“Fire, Distress, and Division: This Is the Gospel of the Lord?” (Sermon on Luke 12:49-53, by Pr. Charles Henrickson) — 3 Comments

  1. I don’t understand how this “fire” can refer to the judgment of Jesus’ second coming when:
    (1) He is talking here about his first coming. (“I came,” not, “I will come.”)
    (2) He said plainly that he did not come to judge the world (John 3:17).
    (3) Igniting the fire somehow depends here on Jesus’ baptism of suffering. So if he were talking about judgment, he would be saying, in effect, “Would that the world were already suffering its destruction, because then I myself wouldn’t have to suffer!” But that’s inconsistent with everything else we understand about the love of God for the world.

    Two other possible interpretations of the word “fire” here come to mind:

    1. We ourselves use the word conflagration to mean both a blaze and a conflict, depending on context. Could the word that Jesus used also have had those two meanings?

    2. John the Baptist said that Jesus would baptize with “the Holy Spirit and fire” (Luke 3:16). Through the Holy Spirit a new faith would be ignited and burn brightly in Christ’s church. But first Christ had to finish his mission, which would take him to the cross.

    It seems that a reasonable interpretation might recognize both the flames of faith and the flames of conflict, and understand Jesus to be saying, in effect, “I came to establish a powerful new faith which will result in unavoidable conflict between those who follow and those who do not. To establish that faith, I must yet endure great suffering.”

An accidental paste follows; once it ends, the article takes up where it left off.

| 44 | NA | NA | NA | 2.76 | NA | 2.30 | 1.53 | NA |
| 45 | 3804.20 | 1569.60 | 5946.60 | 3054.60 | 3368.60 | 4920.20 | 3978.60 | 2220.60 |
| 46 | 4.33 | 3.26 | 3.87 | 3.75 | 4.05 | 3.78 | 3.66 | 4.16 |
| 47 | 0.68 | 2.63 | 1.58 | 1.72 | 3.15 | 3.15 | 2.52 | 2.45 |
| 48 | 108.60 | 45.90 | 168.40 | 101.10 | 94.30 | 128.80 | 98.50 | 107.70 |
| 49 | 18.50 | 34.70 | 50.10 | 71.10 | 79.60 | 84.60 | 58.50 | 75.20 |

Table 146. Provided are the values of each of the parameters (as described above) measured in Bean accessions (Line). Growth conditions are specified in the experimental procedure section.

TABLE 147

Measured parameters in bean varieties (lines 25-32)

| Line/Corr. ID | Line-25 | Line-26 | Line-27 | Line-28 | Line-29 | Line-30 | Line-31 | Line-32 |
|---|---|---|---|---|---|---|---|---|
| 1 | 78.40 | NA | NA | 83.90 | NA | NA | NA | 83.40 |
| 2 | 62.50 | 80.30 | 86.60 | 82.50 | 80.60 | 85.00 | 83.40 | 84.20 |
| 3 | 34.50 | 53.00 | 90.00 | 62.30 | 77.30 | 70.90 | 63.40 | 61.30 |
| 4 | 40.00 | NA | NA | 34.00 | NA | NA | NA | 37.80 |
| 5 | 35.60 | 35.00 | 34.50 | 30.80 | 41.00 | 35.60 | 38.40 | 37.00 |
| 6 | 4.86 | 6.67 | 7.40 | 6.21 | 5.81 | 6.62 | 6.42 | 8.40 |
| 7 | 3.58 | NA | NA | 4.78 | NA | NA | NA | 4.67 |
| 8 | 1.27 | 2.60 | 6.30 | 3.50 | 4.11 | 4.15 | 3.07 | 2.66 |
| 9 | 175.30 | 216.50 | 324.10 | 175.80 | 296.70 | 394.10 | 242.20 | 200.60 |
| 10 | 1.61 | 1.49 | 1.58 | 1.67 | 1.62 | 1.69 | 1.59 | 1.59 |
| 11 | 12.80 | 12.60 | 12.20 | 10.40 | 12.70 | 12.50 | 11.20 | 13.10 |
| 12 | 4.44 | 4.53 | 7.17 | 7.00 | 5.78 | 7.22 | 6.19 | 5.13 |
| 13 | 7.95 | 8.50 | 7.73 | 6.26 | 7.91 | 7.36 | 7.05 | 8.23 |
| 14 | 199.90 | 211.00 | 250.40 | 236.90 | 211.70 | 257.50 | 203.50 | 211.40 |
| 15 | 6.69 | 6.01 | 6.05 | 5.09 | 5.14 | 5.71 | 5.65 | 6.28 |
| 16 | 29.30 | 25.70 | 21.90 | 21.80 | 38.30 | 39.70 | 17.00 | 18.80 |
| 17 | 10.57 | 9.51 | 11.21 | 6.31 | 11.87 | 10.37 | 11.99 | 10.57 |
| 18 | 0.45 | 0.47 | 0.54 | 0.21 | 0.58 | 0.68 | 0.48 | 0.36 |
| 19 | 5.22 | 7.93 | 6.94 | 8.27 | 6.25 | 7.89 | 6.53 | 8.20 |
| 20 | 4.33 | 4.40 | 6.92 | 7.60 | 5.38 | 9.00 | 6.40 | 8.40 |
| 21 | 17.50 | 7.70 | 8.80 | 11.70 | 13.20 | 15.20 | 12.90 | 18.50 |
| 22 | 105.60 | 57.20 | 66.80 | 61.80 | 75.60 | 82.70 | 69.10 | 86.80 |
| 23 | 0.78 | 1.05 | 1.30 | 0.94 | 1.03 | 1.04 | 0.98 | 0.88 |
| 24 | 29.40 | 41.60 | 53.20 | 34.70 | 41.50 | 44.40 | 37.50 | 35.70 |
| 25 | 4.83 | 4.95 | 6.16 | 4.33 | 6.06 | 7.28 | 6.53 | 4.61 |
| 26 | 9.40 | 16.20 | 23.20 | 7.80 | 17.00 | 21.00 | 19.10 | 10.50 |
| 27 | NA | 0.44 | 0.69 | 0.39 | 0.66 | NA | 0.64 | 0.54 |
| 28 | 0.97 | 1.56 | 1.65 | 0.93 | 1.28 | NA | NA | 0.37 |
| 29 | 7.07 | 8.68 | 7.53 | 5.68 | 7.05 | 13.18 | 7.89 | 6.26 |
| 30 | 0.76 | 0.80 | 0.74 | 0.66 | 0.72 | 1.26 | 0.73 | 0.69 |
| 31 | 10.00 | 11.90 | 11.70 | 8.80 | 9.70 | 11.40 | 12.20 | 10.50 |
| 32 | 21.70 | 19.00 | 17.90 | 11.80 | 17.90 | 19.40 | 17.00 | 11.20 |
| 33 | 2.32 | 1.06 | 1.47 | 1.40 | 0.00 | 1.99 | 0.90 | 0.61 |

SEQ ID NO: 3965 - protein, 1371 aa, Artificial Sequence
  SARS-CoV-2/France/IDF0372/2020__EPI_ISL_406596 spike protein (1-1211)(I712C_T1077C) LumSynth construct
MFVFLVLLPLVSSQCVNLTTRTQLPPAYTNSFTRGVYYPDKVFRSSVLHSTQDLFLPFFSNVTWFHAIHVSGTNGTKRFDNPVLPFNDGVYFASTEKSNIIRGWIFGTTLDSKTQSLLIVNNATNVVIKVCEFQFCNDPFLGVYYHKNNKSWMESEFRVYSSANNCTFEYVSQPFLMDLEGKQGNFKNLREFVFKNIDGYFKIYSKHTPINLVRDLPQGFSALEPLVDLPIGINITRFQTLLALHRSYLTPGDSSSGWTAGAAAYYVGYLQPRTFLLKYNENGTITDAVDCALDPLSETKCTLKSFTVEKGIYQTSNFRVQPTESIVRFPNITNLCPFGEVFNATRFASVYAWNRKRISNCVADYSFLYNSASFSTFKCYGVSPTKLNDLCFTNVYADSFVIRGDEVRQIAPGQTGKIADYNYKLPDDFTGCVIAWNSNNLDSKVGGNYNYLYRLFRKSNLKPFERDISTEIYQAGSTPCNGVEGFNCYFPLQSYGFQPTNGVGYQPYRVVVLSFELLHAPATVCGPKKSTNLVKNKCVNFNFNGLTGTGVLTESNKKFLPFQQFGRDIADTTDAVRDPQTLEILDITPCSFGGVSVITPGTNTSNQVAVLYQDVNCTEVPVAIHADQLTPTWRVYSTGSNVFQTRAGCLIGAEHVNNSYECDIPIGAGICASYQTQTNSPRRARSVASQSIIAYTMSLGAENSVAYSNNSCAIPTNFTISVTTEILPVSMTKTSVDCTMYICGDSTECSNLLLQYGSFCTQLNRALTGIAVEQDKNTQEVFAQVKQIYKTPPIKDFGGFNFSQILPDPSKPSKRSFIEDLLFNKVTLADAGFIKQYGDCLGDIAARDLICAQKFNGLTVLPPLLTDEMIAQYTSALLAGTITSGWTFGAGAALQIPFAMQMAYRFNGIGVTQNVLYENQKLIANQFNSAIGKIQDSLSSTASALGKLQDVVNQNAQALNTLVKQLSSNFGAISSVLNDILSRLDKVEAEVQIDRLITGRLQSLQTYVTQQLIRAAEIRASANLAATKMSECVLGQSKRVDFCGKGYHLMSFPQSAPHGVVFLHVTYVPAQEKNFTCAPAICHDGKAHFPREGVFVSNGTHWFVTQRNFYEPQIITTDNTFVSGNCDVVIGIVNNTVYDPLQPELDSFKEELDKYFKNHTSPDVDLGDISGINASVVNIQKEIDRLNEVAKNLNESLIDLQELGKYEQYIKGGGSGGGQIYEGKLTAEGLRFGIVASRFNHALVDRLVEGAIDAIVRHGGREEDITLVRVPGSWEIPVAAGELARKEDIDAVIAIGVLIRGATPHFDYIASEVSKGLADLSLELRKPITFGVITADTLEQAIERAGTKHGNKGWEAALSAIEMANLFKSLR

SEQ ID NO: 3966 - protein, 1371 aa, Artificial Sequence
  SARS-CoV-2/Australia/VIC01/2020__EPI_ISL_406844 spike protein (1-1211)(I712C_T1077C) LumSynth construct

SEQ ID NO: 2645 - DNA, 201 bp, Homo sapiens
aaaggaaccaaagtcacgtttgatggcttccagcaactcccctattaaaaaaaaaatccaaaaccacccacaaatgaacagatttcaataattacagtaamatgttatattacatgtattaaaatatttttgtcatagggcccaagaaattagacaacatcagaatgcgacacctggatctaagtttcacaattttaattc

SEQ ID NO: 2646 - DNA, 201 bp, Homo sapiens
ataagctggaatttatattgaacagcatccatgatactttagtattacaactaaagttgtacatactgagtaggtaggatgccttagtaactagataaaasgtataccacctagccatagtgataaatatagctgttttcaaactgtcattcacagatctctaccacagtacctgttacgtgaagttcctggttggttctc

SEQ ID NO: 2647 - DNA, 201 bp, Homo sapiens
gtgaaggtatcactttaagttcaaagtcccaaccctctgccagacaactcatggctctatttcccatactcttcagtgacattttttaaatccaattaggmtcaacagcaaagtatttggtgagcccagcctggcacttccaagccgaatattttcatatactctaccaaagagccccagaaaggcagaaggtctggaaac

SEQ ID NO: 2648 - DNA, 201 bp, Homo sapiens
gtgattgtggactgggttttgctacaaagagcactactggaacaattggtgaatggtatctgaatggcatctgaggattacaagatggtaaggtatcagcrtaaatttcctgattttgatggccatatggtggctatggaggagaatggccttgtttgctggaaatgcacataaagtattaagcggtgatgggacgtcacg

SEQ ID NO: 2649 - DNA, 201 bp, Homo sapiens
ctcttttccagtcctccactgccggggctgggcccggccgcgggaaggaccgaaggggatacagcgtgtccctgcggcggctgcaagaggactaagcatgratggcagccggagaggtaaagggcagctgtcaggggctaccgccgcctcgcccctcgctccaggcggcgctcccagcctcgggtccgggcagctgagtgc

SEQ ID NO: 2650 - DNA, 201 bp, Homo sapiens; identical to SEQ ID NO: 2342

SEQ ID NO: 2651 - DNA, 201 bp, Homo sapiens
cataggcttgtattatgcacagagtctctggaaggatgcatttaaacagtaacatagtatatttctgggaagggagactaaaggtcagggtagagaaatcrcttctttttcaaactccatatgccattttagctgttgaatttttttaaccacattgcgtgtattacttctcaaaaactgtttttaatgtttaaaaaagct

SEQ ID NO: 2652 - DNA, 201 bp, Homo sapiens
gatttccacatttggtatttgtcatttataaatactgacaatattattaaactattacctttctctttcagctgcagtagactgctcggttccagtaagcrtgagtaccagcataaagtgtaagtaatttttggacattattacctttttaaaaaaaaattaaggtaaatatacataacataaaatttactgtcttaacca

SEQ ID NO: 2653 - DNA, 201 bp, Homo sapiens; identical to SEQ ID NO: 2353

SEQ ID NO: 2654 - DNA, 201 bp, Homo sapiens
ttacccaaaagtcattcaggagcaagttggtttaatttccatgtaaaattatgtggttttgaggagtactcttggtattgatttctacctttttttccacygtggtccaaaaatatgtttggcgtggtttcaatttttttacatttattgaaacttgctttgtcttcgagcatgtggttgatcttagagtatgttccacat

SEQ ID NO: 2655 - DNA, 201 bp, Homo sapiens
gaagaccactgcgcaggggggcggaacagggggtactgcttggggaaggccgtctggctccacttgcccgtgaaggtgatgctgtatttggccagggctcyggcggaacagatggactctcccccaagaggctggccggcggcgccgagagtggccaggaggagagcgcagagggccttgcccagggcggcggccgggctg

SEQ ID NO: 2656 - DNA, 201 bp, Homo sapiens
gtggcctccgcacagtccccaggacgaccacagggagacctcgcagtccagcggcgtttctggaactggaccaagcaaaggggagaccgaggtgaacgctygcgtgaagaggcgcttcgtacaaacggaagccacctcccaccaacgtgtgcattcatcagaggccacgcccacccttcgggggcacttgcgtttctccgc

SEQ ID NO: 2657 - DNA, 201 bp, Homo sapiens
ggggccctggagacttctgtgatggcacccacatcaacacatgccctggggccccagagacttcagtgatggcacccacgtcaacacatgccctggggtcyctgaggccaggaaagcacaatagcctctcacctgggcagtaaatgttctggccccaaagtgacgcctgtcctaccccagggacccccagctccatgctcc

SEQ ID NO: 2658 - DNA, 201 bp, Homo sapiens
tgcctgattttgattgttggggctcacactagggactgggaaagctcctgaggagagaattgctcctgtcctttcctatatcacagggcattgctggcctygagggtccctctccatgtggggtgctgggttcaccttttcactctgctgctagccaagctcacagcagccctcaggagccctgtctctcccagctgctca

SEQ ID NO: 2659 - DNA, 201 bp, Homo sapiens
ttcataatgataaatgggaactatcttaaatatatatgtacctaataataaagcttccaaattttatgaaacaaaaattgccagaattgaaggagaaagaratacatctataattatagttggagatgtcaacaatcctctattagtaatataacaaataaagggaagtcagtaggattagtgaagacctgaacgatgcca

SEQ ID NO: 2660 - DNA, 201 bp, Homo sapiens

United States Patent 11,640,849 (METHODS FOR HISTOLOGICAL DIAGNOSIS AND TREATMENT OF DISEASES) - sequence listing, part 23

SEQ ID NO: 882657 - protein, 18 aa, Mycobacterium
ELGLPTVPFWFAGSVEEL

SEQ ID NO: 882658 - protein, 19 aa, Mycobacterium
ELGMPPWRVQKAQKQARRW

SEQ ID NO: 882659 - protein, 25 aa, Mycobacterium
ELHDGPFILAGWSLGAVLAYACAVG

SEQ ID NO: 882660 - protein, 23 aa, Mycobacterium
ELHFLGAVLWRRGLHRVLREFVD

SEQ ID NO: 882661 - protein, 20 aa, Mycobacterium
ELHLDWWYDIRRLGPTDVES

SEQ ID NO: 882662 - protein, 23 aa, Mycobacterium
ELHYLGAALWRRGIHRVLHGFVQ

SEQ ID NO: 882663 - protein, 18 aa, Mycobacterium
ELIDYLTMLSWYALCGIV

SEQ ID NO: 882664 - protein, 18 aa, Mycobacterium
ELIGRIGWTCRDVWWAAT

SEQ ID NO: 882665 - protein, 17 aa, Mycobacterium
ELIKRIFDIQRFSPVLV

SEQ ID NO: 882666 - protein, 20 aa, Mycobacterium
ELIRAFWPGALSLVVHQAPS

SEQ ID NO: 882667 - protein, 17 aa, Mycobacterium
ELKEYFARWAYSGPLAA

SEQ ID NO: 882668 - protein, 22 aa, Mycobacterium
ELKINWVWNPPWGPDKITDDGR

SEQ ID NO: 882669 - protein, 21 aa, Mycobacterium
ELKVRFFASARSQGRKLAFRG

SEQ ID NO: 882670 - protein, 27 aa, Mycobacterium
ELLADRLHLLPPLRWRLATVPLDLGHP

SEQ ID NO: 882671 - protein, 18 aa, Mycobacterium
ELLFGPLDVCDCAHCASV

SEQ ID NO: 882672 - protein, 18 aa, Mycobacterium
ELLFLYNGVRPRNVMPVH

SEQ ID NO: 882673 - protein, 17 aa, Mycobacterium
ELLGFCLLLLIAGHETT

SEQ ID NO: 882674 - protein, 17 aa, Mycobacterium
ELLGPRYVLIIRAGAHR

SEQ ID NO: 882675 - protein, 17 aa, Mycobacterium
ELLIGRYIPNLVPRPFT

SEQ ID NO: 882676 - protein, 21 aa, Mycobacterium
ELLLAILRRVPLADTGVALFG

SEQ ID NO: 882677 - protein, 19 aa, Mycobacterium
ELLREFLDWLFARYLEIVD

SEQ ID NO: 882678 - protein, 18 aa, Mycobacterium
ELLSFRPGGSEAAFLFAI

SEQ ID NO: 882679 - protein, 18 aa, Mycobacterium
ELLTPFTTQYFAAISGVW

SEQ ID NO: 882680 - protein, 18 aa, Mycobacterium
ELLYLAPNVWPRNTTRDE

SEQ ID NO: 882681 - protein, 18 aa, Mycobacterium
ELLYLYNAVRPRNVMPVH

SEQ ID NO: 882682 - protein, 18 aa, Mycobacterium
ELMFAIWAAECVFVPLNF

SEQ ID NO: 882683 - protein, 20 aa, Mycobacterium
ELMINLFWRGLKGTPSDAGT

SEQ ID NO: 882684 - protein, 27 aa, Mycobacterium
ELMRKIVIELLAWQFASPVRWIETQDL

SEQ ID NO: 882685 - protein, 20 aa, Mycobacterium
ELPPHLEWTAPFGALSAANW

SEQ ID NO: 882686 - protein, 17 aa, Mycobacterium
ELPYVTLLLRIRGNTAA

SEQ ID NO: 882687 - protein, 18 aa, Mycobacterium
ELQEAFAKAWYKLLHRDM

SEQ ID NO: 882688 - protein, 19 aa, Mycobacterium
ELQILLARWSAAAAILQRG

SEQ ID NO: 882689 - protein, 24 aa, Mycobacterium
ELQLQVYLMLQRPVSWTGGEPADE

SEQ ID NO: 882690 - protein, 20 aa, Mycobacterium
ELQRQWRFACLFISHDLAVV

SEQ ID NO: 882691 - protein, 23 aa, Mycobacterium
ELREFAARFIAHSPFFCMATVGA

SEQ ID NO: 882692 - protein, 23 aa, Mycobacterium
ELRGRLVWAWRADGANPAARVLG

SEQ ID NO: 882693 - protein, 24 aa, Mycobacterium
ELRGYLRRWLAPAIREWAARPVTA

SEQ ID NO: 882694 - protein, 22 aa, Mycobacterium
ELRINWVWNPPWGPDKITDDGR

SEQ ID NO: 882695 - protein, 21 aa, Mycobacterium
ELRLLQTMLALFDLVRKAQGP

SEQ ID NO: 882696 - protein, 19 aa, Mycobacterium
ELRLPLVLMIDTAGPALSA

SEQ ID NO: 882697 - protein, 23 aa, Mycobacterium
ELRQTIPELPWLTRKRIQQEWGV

2. @Carl H #1

    Carl, you wrote:

    John the Baptist said that Jesus would baptize with “the Holy Spirit and fire” (Luke 3:16). Through the Holy Spirit a new faith would be ignited and burn brightly in Christ’s church. But first Christ had to finish his mission, which would take him to the cross.

    One of the principles of biblical interpretation is that the context helps determine the meaning of a word. And, the immediate context of Luke 3:16 is Luke 3:17, “His winnowing fork is in his hand, to clear his threshing floor and to gather the wheat into his barn, but the chaff he will burn with unquenchable fire.”

    The clear meaning of “fire” is 3:17 is judgment.

    Then, a preceding reference is Luke 3:9, “Even now the axe is laid to the root of the trees. Every tree therefore that does not bear good fruit is cut down and thrown into the fire.”

    So, the “fire” in 3:16 is bracketed by clear references to fire as judgment in 3:9 and 3:17. This is, in my mind, a clear reference to the coming of the Messiah as Judge; (as Pastor Henrickson states in his sermon) not, as you state, that “a new faith would be ignited and burn brightly in Christ’s church.”

    The John 3:17 passage you mention is a reference to the fact the primary purpose of Jesus coming into the world was salvation, not judgment; but he is the Judge nonetheless—as Luke 3:17 states (along with John 5:22, 5:27; and many other passages).

  3. @Rev. Robert Fischer (Emeritus) #2

    My editing time passed for the above comment. I wanted to add that, like many other passages, there is disagreement on Luke 3:16 among conservative Lutherans. This passage caused some lively discussion at a Winkel I once attended.